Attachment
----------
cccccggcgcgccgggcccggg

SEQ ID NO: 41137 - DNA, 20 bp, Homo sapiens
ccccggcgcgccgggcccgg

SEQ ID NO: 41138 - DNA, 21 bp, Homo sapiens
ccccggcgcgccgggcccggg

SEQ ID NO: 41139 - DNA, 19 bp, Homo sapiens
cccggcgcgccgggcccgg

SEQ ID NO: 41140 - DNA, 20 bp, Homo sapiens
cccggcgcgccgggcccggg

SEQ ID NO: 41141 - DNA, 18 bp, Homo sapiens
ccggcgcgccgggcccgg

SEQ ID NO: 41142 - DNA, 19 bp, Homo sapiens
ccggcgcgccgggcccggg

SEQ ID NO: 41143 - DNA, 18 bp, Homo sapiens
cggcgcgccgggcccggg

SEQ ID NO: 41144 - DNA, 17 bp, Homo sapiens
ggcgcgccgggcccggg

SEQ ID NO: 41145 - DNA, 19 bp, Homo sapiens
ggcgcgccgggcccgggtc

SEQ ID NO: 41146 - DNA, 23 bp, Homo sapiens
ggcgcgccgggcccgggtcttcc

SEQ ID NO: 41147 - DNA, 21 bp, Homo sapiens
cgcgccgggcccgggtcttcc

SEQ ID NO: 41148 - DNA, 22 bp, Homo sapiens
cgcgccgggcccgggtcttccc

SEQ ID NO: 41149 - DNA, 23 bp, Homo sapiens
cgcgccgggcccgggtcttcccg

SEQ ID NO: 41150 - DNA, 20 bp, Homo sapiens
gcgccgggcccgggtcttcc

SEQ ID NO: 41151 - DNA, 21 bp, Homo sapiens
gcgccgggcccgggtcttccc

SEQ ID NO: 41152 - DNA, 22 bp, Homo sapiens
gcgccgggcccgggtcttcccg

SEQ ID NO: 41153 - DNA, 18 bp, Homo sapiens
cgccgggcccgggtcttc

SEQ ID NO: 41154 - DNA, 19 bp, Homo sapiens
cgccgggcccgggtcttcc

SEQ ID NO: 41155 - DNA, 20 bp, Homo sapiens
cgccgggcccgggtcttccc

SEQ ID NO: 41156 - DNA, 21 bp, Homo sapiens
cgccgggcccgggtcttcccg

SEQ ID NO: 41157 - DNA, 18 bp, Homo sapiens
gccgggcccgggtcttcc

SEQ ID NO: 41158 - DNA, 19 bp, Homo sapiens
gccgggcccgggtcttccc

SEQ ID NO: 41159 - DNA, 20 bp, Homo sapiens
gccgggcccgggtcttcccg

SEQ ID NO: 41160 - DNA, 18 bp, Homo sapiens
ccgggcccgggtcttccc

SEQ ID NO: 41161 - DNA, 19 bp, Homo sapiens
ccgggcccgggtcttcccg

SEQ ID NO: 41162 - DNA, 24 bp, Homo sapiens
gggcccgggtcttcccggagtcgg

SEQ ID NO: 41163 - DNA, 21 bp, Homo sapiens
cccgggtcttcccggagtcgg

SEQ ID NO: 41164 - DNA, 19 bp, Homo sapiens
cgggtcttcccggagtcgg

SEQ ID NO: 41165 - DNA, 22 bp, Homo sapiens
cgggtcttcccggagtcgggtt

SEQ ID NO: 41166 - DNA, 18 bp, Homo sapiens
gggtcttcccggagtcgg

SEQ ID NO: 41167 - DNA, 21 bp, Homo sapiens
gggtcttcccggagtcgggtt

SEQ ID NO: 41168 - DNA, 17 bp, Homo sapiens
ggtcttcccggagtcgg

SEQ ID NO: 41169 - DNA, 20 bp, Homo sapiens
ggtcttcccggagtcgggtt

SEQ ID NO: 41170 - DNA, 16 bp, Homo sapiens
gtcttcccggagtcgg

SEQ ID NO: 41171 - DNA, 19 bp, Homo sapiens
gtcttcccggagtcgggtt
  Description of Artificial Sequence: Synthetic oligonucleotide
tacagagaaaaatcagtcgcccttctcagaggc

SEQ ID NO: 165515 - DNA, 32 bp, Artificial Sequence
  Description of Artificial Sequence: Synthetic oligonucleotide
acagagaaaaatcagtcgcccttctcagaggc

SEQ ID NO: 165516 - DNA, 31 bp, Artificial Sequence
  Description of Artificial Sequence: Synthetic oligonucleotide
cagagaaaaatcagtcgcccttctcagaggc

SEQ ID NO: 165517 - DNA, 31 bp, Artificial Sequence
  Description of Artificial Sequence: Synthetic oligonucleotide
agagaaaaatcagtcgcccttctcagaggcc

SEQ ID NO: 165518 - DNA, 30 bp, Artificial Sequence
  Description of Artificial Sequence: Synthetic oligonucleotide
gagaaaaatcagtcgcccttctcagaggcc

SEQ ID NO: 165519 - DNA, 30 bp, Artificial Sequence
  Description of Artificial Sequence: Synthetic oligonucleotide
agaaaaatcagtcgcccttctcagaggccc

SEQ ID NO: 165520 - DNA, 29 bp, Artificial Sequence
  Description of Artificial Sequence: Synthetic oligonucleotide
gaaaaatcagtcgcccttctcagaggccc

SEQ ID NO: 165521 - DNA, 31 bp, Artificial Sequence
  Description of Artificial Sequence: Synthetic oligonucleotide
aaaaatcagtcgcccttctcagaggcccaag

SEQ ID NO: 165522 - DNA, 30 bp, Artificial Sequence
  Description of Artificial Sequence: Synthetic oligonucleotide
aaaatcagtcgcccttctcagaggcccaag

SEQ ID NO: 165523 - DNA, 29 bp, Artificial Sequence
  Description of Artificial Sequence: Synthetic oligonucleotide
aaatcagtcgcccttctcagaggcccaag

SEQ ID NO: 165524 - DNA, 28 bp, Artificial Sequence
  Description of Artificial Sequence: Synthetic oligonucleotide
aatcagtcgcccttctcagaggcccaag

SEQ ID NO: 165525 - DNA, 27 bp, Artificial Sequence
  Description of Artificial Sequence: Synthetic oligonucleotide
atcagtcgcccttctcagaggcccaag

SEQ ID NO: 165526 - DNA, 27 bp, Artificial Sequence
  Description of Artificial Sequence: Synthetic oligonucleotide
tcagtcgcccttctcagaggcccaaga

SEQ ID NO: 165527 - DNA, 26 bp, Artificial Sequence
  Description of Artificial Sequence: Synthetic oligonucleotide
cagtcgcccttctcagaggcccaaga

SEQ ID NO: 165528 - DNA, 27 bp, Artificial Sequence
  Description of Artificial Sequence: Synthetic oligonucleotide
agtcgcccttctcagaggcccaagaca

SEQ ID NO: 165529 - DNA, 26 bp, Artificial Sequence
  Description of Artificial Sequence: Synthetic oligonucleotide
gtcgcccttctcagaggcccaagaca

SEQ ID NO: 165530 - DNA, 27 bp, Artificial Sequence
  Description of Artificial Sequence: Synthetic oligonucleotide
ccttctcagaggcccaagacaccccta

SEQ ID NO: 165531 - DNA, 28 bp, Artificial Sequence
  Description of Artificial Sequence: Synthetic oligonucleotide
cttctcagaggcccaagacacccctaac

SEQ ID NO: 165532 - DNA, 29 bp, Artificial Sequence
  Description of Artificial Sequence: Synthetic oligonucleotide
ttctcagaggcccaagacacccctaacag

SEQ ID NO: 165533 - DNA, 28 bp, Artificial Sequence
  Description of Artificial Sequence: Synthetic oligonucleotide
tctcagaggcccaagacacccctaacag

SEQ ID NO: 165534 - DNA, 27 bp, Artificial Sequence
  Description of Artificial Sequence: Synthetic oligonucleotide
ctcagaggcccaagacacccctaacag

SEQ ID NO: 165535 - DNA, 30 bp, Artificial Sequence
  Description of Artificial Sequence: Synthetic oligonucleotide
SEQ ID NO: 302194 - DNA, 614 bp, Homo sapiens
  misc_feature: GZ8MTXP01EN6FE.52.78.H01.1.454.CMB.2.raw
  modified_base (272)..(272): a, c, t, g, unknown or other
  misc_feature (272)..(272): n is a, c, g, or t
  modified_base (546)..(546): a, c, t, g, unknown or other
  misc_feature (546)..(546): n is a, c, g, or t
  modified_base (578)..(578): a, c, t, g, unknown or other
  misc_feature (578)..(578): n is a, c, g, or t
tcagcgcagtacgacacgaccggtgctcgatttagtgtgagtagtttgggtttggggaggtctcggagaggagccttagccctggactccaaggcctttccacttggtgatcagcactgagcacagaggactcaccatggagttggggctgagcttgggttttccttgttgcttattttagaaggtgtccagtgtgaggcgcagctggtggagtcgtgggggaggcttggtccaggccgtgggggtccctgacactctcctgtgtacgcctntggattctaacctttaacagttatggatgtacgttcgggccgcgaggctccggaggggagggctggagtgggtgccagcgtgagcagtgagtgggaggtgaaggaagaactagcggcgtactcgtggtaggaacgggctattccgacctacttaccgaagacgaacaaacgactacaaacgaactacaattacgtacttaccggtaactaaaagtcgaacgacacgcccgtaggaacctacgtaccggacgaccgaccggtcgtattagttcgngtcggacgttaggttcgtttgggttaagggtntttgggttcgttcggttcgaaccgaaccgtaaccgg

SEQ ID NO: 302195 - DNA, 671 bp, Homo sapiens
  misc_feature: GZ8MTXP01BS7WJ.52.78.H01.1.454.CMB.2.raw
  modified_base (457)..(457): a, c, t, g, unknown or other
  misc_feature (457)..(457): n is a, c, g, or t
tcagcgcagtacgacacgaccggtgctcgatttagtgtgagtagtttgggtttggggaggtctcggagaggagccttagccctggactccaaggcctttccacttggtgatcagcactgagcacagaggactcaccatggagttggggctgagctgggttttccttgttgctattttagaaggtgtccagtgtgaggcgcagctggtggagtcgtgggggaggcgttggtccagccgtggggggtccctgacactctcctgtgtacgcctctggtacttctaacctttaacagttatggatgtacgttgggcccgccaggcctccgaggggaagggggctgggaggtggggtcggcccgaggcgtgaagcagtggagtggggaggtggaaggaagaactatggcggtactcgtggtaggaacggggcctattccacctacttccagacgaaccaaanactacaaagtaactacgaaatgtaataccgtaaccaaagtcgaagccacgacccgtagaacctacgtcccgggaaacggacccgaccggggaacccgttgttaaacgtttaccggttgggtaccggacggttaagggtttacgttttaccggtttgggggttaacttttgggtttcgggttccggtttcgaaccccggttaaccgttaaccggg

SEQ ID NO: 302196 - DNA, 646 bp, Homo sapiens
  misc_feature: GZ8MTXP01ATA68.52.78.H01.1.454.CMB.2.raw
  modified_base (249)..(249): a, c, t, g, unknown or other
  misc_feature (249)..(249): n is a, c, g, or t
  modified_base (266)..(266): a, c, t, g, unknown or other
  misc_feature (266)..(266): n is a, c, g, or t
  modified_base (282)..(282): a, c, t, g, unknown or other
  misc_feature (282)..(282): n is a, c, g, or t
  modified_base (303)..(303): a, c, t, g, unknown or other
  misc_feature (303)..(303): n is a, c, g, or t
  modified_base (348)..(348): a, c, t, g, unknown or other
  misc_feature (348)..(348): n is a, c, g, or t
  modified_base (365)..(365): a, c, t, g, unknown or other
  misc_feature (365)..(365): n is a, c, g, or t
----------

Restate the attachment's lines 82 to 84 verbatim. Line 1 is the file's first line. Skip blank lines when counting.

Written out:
agagaaaaatcagtcgcccttctcagaggcc

SEQ ID NO: 165518 - DNA, 30 bp, Artificial Sequence
  Description of Artificial Sequence: Synthetic oligonucleotide